A Facebook “friend” asked that ubiquitous question the other day, “What are you grateful for today?” A lot.
Six years ago, I walked away from a car crash involving three big rigs and nine other cars on California Interstate 5. It was caused by a dust-storm that felt whipped up by Hades himself, near Bakersfield. Three people died. Whether it’s the grace of God or the fates intervening, I removed myself from my car before it exploded. Only seconds before, I sat in the driver’s seat…. breathed a sigh of relief I hadn’t hit the truck in front of me. In the passing of another second and almost on the second inhalation, a 1975 Dodge pickup plowed into my SUV’s backside turning it into an accordion. To the side, there was a fireball that hurled towards me. Produced by a car driven by a young family man as he rear-ended the truck’s trailer, the one I narrowly avoided had jack-knifed across two lanes. His exploding engine instantly cremated him, destroyed his vehicle and crafted an explosion pointed towards me from the 18-wheeler’s reserves tanks. There were milliseconds between the collision of automobiles and my ability to open my car door and get out. Had I not – I wouldn’t be in the Sonoran desert, hiking to the top of peaks, eating superb food, receiving kisses from my dogs, and love from Nick. I suffered a minor concussion and two cracked ribs.
After experiencing a trauma of that magnitude, it’s not uncommon for an accident victim to discover their life situations not working anymore. The next six months after the crash, I implemented changes. I left a toxic relationship which should have ended years before. I moved back to a city where I had support and love. Items that can never be bought. I even discovered a new relationship I wasn’t planning on having but am grateful that I’m alive to experience it.
Not one day passes I don’t think about the accident.
This past weekend marks the anniversary of that experience and the beginning of something new. As someone said to me recently, “You moved to Phoenix because you have risen from the ashes.”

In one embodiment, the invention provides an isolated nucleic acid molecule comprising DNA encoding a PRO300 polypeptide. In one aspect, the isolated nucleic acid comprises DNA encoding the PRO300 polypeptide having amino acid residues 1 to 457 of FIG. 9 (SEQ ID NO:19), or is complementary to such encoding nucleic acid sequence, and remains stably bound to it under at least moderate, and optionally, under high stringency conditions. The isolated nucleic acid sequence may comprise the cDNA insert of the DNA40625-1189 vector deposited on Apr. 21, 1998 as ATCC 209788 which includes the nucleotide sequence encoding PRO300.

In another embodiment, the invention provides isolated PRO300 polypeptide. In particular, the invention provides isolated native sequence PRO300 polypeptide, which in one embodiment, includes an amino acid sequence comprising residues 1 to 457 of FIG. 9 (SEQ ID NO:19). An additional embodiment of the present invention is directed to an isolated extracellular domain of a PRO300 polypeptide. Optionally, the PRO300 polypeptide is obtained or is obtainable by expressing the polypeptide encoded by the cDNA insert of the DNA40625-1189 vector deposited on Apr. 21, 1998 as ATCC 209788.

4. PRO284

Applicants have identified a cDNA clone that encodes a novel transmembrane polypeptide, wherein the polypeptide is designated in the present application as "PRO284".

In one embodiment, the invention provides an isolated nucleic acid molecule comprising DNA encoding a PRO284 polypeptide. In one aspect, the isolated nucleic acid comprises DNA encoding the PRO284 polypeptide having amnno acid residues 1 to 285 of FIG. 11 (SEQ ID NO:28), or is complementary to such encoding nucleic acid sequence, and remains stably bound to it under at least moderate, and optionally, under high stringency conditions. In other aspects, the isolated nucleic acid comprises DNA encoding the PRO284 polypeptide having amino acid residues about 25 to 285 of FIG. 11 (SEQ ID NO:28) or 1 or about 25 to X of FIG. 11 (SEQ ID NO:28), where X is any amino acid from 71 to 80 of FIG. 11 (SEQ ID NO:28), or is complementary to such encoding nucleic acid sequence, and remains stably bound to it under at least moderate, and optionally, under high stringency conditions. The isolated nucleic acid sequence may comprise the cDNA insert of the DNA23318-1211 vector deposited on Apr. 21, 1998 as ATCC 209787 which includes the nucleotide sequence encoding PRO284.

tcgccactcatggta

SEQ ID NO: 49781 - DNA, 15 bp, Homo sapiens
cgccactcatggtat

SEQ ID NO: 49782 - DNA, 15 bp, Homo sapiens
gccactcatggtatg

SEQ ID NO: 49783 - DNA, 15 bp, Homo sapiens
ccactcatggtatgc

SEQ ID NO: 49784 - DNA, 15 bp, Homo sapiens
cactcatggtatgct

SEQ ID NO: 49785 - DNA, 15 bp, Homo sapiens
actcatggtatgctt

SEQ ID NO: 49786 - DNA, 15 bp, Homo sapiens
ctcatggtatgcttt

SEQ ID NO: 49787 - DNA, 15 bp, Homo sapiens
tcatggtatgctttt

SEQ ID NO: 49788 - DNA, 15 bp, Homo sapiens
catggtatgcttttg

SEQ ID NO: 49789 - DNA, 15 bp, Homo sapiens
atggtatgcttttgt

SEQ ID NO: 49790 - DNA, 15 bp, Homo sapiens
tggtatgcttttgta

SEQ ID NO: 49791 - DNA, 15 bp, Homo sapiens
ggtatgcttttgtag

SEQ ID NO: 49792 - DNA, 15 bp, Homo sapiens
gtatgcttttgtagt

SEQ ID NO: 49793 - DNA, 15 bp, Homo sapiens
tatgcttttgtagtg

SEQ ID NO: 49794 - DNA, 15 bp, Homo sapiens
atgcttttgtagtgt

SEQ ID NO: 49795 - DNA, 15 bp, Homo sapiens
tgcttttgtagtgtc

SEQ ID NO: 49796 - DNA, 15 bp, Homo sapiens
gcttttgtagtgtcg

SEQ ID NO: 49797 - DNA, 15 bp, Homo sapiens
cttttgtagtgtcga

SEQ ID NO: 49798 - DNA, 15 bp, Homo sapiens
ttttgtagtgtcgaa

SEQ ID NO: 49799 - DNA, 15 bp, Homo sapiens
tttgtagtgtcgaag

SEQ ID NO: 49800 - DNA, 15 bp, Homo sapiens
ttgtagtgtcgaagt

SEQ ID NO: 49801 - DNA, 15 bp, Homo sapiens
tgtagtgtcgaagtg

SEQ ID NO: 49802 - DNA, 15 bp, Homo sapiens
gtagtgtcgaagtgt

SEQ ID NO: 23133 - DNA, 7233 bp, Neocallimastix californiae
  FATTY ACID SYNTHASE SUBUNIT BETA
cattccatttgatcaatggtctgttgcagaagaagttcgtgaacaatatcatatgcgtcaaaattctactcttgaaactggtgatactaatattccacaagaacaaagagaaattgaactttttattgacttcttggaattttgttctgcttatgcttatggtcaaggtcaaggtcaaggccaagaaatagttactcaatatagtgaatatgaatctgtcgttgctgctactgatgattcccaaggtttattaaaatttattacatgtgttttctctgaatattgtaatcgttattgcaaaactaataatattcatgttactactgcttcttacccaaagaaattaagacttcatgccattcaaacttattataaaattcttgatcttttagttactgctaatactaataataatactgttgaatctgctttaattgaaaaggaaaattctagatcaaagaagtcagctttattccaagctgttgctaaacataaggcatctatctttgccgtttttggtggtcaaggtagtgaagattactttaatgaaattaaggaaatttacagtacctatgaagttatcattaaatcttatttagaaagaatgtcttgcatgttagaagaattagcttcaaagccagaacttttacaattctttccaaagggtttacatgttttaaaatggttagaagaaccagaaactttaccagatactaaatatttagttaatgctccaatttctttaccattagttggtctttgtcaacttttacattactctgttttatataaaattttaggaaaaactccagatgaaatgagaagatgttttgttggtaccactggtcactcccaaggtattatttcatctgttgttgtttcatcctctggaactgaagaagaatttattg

At the end of 2013, former San Jose Mercury food editor, Carolyn Jung published her first cookbook, San Francisco Chef’s Table: Extraordinary Recipes from The City by The Bay (Lyons Press). I’ve had the pleasure of meeting and working with Carolyn over the years. As a journalist and via her website FoodGal.com, she’s been supportive of my clients and their food endeavors. For me, I always think it’s important to recognize the writers who have helped along the way. A journalist’s life can be thankless especially from a public relations perspective.
To support the publishing of her book, I attempted to create a cooking and book-signing experience at a former San Francisco client. Unfortunately, the event never happened because the restaurant closed. I’m doing a little shout out about her book — saying thank you, hoping I can help sell even more cookbooks. I adapted this recipe from one of the many delicious dishes she curated in her cookbook from Bay Area chefs. This particular dish, from the owners/ chefs of Ame, I turned into a one dish casserole.
Sweet Corn-Goat Cheese Bread Pudding (adapted from Carolyn Jung’s San Francisco Chef’s Table: Extraordinary Recipes from The City by the Bay).
- 1 whole baguette. Cut into approximately one-inch pieces.
- 2 tablespoons butter
- 6 slices bacon, chopped
- 1 stalk celery, chopped
- 1 leek, chopped
- ½ tablespoon sage
- ½ cup of chicken stock
- 1 egg
- 1 cup milk
- ½ cup of sour cream
- 2 cups grated Parmesan-Reggiano
- 6 ounces goat cheese
- Corn cut from 2 ears.
Let’s make this puppy:
Preheat the oven to 350 degrees to toast the croutons. Bake for about 10 minutes until golden brown. Remove from oven but keep the oven on to bake the final product.
In a large skillet, melt the butter and crisp the chopped bacon. Once the bacon has been slightly browned. Add the vegetables and sage. Stir until soft. Stir in the croutons, letting them soak up the fat.
Pour in the chicken stock and allow the bread to become saturated. Season well. Set aside.
In another mixing bowl, combine the milk, egg, sour cream, and cheeses. Mix well. Assemble everything – croutons and wet ingredients including the corn.
Pour everything into a small casserole and place into a larger roasting pan creating a water bath. Pour water until halfway up the side of the casserole dish. Dot with extra goat cheese and grated cheese.Bake for about 30 minutes until golden. Serve warm.
(Recommendation: If there are leftovers, reheat in the morning and top with poached eggs. Awesome!
The End. Go Eat.
One thought on “i8tonite: Gratitude with a Corn Goat Cheese Savory Pudding”
So grateful for you, my friend! XO I’ll take the leftovers, please, with an egg on top–sounds divine.
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